classification
Title: Remove encouragement to author a base class for all Exception subclasses in a module
Type: enhancement Stage:
Components: Documentation Versions: Python 3.8, Python 3.7, Python 3.6, Python 3.5, Python 3.4, Python 2.7
process
Status: open Resolution:
Dependencies: Superseder:
Assigned To: docs@python Nosy List: Nathaniel Manista, ammar2, brett.cannon, docs@python, fdrake, inada.naoki, rhettinger
Priority: normal Keywords:

Created on 2018-08-28 20:40 by Nathaniel Manista, last changed 2018-09-11 21:36 by Nathaniel Manista.

Messages (11)
msg324286 - (view) Author: Nathaniel Manista (Nathaniel Manista) Date: 2018-08-28 20:40
https://docs.python.org/3.8/tutorial/errors.html (and all other versions of that page back at least as far as 2.7) currently contain the guidance "When creating a module that can raise several distinct errors, a common practice is to create a base class for exceptions defined by that module, and subclass that to create specific exception classes for different error conditions: <code example>".

It may have seemed like a good idea at the time, but we now know from years of experience that this is an experiment that didn't pan out and we can consider this guidance a Now-Contraindicated Best Practice Of Yesteryear™.

Modules define subclasses of Exception for lots of reasons. Some of those subclasses have no relation to one another except that they are subclasses of Exception. Some of those subclasses define Exception instances that are never raised by code in the module, but that are expected to be raised by code passed to and called by the module.

Yes, there are times when a common base class may be appropriate - such as when an inheritance hierarchy and polymorphism that satisfy the Liskov Substitution Principle make sense for the Exception subclasses, and when the base class itself is used (such as when the base class is an item in the Raises: section of a function's doc string). But these cases aren't so common as to justify the advice being offered generally about all Exception subclass definitions.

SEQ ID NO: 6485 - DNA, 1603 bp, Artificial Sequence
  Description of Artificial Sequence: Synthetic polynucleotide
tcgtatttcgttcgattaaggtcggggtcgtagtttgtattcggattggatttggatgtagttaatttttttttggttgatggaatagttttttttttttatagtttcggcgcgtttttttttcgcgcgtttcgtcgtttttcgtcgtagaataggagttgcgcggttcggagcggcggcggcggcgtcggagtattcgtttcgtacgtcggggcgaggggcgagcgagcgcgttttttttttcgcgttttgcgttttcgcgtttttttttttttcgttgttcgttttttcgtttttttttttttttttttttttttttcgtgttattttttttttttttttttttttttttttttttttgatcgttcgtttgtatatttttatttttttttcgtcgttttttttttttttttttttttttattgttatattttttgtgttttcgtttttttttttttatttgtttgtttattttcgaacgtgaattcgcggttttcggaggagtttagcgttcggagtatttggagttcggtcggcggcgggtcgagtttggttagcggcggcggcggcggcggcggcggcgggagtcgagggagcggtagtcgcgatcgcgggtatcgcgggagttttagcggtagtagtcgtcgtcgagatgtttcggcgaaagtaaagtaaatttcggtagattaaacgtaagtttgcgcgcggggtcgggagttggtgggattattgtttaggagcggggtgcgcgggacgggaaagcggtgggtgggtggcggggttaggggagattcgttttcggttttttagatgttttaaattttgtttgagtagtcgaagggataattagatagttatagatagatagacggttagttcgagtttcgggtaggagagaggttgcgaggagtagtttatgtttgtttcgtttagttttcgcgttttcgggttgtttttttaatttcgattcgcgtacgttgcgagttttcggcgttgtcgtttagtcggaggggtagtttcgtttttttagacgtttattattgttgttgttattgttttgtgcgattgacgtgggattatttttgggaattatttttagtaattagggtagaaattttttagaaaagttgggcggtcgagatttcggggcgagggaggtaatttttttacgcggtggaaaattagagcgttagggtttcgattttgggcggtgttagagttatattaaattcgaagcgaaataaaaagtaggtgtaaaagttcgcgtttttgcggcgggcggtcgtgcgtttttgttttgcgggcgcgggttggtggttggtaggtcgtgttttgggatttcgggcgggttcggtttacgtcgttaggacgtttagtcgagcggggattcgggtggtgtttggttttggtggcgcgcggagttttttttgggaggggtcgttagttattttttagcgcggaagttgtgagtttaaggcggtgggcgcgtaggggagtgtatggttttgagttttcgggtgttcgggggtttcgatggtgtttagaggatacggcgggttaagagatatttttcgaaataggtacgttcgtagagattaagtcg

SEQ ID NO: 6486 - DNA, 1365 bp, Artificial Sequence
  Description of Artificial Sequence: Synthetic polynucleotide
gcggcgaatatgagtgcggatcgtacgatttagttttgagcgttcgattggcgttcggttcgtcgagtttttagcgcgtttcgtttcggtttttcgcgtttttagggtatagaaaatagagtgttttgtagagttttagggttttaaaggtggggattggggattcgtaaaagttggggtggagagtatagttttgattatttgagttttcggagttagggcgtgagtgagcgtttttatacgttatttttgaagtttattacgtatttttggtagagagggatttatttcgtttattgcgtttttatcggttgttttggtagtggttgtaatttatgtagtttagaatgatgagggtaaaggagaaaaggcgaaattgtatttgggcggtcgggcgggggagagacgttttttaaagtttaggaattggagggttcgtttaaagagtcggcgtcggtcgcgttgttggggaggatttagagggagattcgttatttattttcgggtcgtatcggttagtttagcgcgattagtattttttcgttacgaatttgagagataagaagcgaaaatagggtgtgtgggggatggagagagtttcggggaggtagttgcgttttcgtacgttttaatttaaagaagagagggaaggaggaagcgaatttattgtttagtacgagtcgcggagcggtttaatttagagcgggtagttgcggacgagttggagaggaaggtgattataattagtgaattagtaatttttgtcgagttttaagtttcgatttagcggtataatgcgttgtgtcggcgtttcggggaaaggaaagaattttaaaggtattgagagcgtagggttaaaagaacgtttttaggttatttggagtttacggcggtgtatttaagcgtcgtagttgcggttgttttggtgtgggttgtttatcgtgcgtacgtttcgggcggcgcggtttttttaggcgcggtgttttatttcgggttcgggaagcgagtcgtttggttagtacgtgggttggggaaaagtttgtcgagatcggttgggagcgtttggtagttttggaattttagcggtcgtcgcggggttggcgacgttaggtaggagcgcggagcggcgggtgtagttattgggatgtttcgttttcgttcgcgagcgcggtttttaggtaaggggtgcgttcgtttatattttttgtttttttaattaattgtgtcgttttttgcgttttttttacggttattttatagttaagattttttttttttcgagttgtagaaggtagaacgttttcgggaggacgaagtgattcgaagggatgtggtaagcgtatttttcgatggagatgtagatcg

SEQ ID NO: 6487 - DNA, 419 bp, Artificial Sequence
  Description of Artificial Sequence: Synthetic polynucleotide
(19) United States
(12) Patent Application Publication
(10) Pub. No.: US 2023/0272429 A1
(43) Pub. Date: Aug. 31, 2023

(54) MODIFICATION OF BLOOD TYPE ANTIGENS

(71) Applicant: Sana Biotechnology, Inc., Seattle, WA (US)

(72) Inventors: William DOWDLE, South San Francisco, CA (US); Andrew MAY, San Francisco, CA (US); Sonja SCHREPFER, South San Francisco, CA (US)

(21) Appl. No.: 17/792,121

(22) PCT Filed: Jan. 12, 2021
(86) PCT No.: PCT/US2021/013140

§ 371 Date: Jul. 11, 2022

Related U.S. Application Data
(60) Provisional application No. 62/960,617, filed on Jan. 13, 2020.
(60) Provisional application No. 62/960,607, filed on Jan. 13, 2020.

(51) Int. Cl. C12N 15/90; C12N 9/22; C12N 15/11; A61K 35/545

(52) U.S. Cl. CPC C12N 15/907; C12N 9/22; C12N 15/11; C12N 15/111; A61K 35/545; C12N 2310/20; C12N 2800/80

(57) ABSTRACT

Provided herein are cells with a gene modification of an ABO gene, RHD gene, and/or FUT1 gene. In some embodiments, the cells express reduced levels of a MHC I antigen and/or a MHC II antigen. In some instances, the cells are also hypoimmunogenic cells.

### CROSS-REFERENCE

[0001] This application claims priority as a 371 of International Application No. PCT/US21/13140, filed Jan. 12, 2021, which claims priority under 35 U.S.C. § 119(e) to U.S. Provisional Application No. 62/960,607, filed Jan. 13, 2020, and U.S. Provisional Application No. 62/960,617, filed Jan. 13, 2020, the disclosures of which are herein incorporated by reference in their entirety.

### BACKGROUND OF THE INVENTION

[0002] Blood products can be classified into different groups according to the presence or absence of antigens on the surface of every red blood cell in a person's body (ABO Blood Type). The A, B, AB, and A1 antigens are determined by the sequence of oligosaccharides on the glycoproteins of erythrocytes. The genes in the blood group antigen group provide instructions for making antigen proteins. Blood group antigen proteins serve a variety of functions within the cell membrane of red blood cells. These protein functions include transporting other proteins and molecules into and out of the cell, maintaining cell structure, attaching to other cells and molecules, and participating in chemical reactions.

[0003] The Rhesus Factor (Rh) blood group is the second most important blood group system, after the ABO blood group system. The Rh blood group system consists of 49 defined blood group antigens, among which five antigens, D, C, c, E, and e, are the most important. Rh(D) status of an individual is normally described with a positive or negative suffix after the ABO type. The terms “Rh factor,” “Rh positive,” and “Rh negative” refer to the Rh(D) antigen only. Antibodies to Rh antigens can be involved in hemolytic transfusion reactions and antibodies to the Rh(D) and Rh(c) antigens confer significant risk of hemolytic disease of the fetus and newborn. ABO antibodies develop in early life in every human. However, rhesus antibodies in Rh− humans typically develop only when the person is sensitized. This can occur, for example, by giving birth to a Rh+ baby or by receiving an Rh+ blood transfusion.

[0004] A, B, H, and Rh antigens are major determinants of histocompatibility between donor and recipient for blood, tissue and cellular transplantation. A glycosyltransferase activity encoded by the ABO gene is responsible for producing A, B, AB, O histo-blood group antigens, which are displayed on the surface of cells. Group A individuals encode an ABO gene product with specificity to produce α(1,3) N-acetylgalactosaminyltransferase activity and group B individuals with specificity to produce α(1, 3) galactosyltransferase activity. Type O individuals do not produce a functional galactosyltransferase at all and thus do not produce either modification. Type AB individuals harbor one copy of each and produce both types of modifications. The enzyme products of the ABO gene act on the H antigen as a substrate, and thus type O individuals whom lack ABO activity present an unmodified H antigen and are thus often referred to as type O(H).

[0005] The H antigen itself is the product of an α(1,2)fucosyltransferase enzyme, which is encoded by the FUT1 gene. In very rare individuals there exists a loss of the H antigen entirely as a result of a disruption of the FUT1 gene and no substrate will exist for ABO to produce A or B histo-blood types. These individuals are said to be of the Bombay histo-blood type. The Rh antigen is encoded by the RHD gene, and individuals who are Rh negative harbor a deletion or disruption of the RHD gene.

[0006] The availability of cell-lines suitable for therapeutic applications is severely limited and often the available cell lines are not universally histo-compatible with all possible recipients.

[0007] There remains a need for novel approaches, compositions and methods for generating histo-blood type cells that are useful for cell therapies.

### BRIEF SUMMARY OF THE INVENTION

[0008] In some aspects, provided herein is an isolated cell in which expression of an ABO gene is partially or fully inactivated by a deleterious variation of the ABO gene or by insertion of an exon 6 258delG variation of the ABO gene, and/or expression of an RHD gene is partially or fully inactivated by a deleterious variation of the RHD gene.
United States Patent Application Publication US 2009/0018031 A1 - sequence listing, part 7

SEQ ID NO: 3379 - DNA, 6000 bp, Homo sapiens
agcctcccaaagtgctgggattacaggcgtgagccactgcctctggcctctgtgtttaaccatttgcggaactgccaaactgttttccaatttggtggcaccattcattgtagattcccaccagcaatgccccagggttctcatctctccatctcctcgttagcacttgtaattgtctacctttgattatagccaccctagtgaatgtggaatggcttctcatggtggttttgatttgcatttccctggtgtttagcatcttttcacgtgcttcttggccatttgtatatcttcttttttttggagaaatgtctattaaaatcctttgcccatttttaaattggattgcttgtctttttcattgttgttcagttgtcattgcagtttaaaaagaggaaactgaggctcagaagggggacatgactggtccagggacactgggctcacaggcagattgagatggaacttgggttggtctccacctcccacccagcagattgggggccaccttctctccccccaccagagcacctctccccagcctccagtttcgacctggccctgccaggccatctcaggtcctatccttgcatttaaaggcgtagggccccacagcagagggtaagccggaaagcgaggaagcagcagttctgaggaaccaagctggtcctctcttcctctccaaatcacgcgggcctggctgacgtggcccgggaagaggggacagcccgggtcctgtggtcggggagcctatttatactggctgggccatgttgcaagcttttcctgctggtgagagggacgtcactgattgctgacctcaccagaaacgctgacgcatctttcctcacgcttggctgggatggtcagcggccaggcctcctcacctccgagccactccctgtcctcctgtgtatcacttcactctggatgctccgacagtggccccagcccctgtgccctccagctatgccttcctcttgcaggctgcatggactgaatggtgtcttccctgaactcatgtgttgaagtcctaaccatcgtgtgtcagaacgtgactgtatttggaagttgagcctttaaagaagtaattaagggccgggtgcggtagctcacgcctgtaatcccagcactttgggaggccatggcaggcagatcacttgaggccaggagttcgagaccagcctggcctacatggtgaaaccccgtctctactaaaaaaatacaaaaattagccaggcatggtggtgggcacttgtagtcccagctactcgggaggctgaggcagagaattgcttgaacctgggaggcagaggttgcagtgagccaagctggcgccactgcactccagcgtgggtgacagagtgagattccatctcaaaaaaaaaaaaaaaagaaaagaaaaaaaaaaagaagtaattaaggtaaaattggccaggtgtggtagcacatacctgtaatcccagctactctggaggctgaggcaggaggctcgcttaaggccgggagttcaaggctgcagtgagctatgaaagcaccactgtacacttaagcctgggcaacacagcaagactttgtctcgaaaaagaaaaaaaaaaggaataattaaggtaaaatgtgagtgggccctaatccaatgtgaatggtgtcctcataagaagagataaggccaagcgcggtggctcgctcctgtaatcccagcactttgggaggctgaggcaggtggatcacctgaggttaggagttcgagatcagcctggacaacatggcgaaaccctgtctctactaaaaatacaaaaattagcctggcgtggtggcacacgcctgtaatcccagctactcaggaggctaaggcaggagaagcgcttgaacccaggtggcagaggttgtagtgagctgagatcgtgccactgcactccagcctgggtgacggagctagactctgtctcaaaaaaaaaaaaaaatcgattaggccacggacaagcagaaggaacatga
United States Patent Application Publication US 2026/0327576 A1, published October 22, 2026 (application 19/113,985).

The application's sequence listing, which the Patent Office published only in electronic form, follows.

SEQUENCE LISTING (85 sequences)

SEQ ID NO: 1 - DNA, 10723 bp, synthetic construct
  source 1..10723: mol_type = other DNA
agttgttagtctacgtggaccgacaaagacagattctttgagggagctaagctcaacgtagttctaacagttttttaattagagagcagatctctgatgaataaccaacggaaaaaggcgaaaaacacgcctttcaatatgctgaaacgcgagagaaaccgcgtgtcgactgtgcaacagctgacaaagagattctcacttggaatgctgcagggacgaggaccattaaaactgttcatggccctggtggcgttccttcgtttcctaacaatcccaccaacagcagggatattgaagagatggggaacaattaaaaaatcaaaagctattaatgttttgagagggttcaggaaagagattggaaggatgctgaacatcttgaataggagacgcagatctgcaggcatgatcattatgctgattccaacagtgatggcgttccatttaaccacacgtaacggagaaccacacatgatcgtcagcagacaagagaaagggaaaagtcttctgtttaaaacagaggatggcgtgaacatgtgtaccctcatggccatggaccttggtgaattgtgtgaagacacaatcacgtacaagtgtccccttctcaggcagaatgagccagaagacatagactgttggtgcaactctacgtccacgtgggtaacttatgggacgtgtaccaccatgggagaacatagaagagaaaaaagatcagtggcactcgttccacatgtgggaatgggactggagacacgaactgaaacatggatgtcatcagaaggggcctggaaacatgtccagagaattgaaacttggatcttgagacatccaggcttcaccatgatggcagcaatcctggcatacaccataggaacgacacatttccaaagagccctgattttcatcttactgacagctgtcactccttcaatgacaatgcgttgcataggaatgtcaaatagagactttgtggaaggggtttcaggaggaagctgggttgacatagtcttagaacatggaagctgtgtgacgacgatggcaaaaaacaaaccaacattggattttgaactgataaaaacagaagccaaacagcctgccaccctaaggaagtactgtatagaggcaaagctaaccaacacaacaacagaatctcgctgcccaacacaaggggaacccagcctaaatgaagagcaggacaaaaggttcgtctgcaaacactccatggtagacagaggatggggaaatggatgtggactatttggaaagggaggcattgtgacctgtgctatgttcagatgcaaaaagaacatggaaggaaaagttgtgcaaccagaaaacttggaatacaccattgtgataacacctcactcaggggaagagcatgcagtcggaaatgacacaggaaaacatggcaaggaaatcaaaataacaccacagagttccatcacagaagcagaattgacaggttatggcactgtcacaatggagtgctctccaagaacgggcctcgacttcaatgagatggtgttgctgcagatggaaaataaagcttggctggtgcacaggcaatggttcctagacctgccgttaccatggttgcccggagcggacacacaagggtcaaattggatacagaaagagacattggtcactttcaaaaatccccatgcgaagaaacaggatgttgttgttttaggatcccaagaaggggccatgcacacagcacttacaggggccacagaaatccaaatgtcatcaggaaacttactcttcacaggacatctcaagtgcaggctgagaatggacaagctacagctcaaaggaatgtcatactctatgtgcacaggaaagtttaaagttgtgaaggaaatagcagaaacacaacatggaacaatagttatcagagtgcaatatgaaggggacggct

Exception subclasses are just classes. Advising that authors may wish to define a common base class for all Exception subclasses in a module is like advising authors that they may wish to define a common base class for all object subclasses in a module - it's very, very, very occasionally a good idea in the particular circumstances of a particular module's implementation, but very generally not.
msg324302 - (view) Author: INADA Naoki (inada.naoki) * (Python committer) Date: 2018-08-29 07:09
I agree with you.
msg324312 - (view) Author: Raymond Hettinger (rhettinger) * (Python committer) Date: 2018-08-29 09:38
I think the advice should stay as-is.  In my experience as a teacher, the possibility doesn't usually occur to people without it having been suggested.  Also, it mirrors practices in the standard library (decimal.DecimalException and sqlite3.DatabaseError).  For users, it provides a way to catch possible errors that are specific to a particular module.
msg324317 - (view) Author: INADA Naoki (inada.naoki) * (Python committer) Date: 2018-08-29 10:20
> Also, it mirrors practices in the standard library  (decimal.DecimalException and sqlite3.DatabaseError).

As Nathaniel said, "it's good idea in the particular circumstances of a particular module's implementation, but generally not."  (I removed "very" because it is too noisy)

For example, socket.error was migrated into OSError.
So not having base exception class for module is also "practices in the standard library".


> For users, it provides a way to catch possible errors that are specific to a particular module.

For tutorial readers, caching errors specific to particular cause should be suggested, instead of particular module.


"How/When custom base exception class is useful" is very high level topic.
It's too difficult for tutorial.

If tutorial reader start using base exception class without any real benefit, it will lead ugly code like this:

  try:
      # some code here
  except ValueError as e:
      raise CustomValueError(e.args)
  except TypeError as e:
      raise CustomTypeError(e.args)
  except ...
msg324344 - (view) Author: Brett Cannon (brett.cannon) * (Python committer) Date: 2018-08-29 19:17
I think the question is how often in real code to people want to catch all exceptions produced by a package or module but not any others. Perhaps it would be better to re-word the advice that when there are many related exceptions that it is suggested you have a base class for them?